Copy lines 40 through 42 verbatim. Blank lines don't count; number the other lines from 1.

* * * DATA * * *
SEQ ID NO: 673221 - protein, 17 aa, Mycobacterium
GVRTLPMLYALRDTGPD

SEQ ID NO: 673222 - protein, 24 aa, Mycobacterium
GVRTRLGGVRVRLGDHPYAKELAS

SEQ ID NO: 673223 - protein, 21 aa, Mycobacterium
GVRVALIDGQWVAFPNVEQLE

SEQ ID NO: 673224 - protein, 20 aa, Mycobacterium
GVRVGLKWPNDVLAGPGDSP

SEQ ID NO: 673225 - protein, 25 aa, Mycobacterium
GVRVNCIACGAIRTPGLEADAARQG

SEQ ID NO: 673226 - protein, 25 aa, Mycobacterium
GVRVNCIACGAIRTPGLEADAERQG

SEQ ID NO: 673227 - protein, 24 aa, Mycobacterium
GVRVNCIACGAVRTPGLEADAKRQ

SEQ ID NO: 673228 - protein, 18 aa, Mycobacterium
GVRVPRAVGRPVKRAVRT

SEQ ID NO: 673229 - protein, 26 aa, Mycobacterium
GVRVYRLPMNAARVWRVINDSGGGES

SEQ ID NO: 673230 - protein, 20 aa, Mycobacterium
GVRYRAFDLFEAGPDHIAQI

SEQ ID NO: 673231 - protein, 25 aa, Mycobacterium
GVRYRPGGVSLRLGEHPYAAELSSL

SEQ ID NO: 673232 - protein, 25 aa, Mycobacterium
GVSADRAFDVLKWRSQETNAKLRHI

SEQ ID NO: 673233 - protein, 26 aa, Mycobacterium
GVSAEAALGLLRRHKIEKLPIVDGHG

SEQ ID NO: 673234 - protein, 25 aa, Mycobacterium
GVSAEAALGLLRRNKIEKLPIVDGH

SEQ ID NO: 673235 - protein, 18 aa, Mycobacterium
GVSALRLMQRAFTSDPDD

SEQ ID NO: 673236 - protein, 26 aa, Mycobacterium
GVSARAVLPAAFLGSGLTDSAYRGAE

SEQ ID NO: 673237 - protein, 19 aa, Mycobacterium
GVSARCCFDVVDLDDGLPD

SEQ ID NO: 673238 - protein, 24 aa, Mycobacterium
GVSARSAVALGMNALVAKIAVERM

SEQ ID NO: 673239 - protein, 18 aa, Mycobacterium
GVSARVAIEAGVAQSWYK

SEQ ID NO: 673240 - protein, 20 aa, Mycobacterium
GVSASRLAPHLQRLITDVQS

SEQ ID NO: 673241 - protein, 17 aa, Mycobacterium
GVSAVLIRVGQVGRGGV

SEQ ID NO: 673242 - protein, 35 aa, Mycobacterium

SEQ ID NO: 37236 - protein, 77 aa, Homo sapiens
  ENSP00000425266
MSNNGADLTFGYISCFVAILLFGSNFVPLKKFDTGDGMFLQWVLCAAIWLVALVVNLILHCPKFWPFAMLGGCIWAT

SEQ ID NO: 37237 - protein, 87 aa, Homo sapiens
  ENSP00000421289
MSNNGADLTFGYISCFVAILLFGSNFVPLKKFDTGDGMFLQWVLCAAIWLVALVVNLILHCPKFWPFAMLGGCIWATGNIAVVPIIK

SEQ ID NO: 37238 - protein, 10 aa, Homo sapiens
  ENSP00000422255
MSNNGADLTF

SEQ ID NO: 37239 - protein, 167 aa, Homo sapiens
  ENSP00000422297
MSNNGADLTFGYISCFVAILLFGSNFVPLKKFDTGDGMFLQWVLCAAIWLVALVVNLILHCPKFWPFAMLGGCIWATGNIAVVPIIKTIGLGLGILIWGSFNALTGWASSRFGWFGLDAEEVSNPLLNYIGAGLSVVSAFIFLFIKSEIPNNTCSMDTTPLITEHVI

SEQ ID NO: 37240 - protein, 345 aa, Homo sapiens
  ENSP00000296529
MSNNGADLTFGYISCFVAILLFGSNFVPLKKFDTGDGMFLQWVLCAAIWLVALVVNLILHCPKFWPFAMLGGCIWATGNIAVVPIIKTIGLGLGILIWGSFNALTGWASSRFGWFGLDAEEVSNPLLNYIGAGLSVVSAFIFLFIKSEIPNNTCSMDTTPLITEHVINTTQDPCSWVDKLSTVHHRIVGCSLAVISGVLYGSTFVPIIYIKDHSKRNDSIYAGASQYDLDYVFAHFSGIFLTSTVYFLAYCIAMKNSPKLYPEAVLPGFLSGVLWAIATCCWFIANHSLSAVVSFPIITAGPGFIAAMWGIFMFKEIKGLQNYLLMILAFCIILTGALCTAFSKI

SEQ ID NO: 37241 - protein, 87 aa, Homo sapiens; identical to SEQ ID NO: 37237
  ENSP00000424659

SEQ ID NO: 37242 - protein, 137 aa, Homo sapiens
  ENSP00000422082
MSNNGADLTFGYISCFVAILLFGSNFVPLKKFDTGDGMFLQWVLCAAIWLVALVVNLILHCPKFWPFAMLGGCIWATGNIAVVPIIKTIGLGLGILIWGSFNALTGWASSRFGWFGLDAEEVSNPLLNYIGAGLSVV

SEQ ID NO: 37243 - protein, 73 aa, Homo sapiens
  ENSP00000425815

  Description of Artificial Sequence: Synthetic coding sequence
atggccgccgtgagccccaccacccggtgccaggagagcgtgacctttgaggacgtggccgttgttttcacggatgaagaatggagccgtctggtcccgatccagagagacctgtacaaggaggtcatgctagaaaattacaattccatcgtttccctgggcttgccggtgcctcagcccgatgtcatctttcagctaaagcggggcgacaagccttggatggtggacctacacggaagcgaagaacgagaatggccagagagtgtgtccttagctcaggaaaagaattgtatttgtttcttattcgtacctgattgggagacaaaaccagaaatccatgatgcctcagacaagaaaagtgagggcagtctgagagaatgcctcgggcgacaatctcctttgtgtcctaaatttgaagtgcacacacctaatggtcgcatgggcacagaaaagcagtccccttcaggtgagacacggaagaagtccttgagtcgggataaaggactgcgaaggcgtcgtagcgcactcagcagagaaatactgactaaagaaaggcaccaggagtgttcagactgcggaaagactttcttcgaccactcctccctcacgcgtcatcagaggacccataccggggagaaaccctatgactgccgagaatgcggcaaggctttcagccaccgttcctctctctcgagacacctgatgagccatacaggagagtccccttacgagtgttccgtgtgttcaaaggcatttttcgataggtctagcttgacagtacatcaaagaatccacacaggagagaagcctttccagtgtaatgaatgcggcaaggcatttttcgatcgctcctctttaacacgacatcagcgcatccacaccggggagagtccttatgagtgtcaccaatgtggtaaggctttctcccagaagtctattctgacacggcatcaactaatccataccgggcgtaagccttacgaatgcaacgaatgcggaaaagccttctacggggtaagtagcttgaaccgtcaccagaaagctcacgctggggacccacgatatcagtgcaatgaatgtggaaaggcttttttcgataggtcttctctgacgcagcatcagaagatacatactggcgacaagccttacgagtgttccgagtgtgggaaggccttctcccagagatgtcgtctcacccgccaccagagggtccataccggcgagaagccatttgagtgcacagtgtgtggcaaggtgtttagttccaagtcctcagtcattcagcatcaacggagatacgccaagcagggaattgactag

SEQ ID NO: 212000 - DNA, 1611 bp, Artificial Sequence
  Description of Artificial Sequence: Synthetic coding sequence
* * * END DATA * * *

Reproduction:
GVSASRLAPHLQRLITDVQS

SEQ ID NO: 673241 - protein, 17 aa, Mycobacterium
GVSAVLIRVGQVGRGGV